Esports Betting Guide – League of Legends

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Esports League of Legends

The most popular Esport in the world is League of Legends. League of Legends has dominated the other Esports in terms of viewership over the last few years. With the full backing of Riot Games, the game has 12 major leagues around the world, and those leagues are spread across five continents. That has allowed each league to blossom and develop its own identity, giving fans of the game different things to watch in each region.


League of Legends was created back in October 2009 by Riot Games. It was heavily influenced by DotA 2, as the developers borrowed many of the same concepts to make their own MOBA. The game is free to download and play, but users must pay cash or grind out Riot Points in order to unlock characters or skins.

The goal of the game is to destroy the opposing team’s nexus. The best way to do that is by earning gold to buy items and make your champions stronger. You can earn gold by killing minions, slaying enemy players, taking down enemy towers, and defeating neutral objectives. There are important neutral buffs on the map that teams fight for to gain the upper hand and earning these buffs is huge. The two biggest buffs are Baron Nashor and Elder Dragon, but the Rift Herald and elemental drakes considerably help as well.



  • Straight Bets
  • Prop Bets
  • Spread Bets
  • Over-Under Bets

As with traditional sports, there are both straight bets and prop bets available for League of Legends. The most common bets that you see are the same bets that you would in the most popular team sports. The moneyline bet is the most prevalent wager to make in League of Legends. When betting on the moneyline, you are simply betting on a team to win the game or series.

You won’t see spread betting available in most regions until the playoffs, but the LPL (China) and LCK (Korea) have a best-of-three series for each match in the regular season. In these series, you will see the favored team listed with odds of -1.5 games. The odds on this type of bet will fluctuate wildly, and it is somewhat similar to what you see with goal lines in hockey and run lines in baseball.

Online sportsbooks will also offer over/unders on how long it takes to finish a match. The typical match takes lasts from 30 to 35 minutes, so most of the totals you see will be somewhere in that range.


It is wise to focus on just one or two regions when you are first getting into betting on League of Legends. This game isn’t easy to pick up due to its nuances and steep learning curve, but you can get the general gist of it after watching a few matches.

Each region has its own feel, so it is important to keep that in mind when you are examining League of Legends betting odds. For example, the VCS (Vietnam) is the most aggressive league in the world, so you see plenty of kills and fast-paced action. Teams are always looking to scrap in this region, so you will see a lower total in terms of game time.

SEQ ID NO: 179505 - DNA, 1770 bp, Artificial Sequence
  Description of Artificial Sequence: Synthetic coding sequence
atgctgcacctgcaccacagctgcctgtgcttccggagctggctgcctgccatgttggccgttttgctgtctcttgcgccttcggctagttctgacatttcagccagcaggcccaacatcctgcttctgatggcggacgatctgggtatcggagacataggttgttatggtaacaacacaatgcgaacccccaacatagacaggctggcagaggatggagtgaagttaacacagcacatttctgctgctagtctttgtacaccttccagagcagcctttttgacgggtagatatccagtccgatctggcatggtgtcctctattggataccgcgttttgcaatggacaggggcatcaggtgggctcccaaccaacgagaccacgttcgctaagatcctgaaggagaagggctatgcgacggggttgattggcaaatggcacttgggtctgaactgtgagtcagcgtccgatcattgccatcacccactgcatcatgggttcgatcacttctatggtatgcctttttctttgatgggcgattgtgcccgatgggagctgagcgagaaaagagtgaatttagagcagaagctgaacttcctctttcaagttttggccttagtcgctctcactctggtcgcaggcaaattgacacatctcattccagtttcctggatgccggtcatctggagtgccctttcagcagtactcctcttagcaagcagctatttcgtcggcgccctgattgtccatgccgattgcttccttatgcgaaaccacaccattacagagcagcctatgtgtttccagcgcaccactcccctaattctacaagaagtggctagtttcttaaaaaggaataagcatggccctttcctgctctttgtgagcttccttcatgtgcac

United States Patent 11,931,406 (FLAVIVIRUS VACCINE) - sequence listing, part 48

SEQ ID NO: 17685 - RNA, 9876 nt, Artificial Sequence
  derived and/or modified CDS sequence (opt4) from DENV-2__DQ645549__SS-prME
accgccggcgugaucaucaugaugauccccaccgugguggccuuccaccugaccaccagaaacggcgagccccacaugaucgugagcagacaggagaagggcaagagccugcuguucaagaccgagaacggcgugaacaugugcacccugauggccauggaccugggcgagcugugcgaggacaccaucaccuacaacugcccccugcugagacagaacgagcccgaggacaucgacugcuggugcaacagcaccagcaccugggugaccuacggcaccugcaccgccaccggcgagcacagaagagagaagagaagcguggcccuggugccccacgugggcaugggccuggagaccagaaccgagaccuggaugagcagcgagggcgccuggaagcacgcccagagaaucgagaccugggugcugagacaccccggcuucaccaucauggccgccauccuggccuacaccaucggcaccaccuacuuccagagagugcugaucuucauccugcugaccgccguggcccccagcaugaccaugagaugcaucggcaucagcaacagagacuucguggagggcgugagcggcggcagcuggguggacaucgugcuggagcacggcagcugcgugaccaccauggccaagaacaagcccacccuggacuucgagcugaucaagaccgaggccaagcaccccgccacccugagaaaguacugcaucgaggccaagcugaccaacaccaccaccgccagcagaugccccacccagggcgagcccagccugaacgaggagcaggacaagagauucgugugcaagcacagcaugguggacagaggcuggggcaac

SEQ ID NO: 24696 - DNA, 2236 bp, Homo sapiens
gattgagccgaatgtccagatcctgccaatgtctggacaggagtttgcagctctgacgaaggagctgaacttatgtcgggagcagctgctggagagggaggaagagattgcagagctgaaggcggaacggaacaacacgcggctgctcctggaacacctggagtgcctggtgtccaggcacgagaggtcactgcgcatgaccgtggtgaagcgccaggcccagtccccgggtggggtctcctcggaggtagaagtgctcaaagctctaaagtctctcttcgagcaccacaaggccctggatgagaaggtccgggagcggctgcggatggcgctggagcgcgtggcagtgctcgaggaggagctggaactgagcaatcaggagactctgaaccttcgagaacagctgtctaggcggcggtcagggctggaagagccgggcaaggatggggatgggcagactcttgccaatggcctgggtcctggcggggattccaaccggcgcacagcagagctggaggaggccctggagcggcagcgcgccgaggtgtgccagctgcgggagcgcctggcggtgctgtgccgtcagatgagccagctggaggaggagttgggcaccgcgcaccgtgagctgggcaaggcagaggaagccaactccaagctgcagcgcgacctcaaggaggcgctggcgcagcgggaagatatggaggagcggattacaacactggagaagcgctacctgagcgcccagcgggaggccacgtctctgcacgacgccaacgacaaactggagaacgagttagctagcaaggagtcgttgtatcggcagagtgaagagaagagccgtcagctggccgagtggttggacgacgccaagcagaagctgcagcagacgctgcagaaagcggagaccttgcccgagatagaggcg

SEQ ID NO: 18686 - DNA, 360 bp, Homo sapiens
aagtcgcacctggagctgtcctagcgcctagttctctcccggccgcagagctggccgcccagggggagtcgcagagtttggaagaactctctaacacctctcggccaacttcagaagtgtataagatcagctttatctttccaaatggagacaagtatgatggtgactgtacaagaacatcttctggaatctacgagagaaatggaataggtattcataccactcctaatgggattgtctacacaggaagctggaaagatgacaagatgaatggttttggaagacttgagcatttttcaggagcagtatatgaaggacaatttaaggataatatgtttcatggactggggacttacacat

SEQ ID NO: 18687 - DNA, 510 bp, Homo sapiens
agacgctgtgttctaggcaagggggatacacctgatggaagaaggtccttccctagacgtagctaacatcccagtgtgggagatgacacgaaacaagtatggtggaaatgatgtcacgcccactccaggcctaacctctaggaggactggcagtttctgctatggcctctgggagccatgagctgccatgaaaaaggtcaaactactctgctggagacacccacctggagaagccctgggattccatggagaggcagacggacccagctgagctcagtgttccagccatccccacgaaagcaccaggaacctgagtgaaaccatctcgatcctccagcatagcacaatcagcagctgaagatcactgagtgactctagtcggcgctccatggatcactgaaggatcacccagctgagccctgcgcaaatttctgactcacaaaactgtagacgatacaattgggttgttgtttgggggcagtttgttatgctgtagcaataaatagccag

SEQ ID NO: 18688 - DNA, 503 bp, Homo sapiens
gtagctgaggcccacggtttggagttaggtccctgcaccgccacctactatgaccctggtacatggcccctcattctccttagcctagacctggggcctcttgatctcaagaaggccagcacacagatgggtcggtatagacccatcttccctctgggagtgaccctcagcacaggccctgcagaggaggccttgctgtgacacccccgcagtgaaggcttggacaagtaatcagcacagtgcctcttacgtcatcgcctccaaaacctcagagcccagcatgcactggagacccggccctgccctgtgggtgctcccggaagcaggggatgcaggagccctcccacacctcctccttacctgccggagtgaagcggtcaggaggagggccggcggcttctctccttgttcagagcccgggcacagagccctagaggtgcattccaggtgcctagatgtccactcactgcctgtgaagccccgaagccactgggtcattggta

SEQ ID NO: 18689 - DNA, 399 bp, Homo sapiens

Meanwhile, the LJL (Japan) has been the slowest region in the world since its inception. Teams largely opt out of huge fights in this league, instead preferring to carefully build up their resources in order to find the most opportune moment.

Some games will have prop bets available too. You will find bets on the first team to get a kill, the first team to knock down a tower, the first team to slay an opposing drake, and the first team to kill Baron. Occasionally, you will also see bets on whether one player will have a higher KDA (Kill/Death/Assist average) than a counterpart. To get this number, you add kills and assists and divide by deaths.


There are numerous places to bet on League of Legends. Typically, you will find League of Legends betting available under the Esports tab at online sportsbooks.Other Esports like CS:GO, DotA 2, Rocket League, and Call of Duty will also have betting odds under this tab, so check out the entire offering.


The League of Legends season lasts for nearly 10 months now. Most regional leagues start play in January and the World Championship takes place in early November. There is typically an extended break during the summer for teams to make moves and players to take time off, and it is needed considering the grinding schedule of most pros.

Every league will have two splits take place over the course of the year. These splits are largely around the same time due to the international schedule, but there are differences based on the format and number of teams in each region. While 11 of the 12 regions have 10 or fewer teams, the LPL boasts 17 teams due to the game’s enormous popularity in China. That leads to the LPL playing more games than any other domestic league, and there are games being broadcast five to six days a week.

At the end of the first split, the champions of each region vie for the Mid-Season Invitational. The winners of the main regions (Korea, China, and Europe) earn automatic byes into the group stage of this event, while the victors of the other nine regions must take part in one or two play-in stages.

The trophy that every team wants to lift at the end of the year is the Summoner’s Cup. For this event, China, Korea, Europe, North America, and the Pacific Championship Series all send three members to participate. The other seven leagues are only allowed to send their most recent champion, but those teams have made some noise at this stage before. While only teams from China and Korea have won this event, Europe has been close in the last two years, and afterthoughts like Albus NoX Luna occasionally surprise.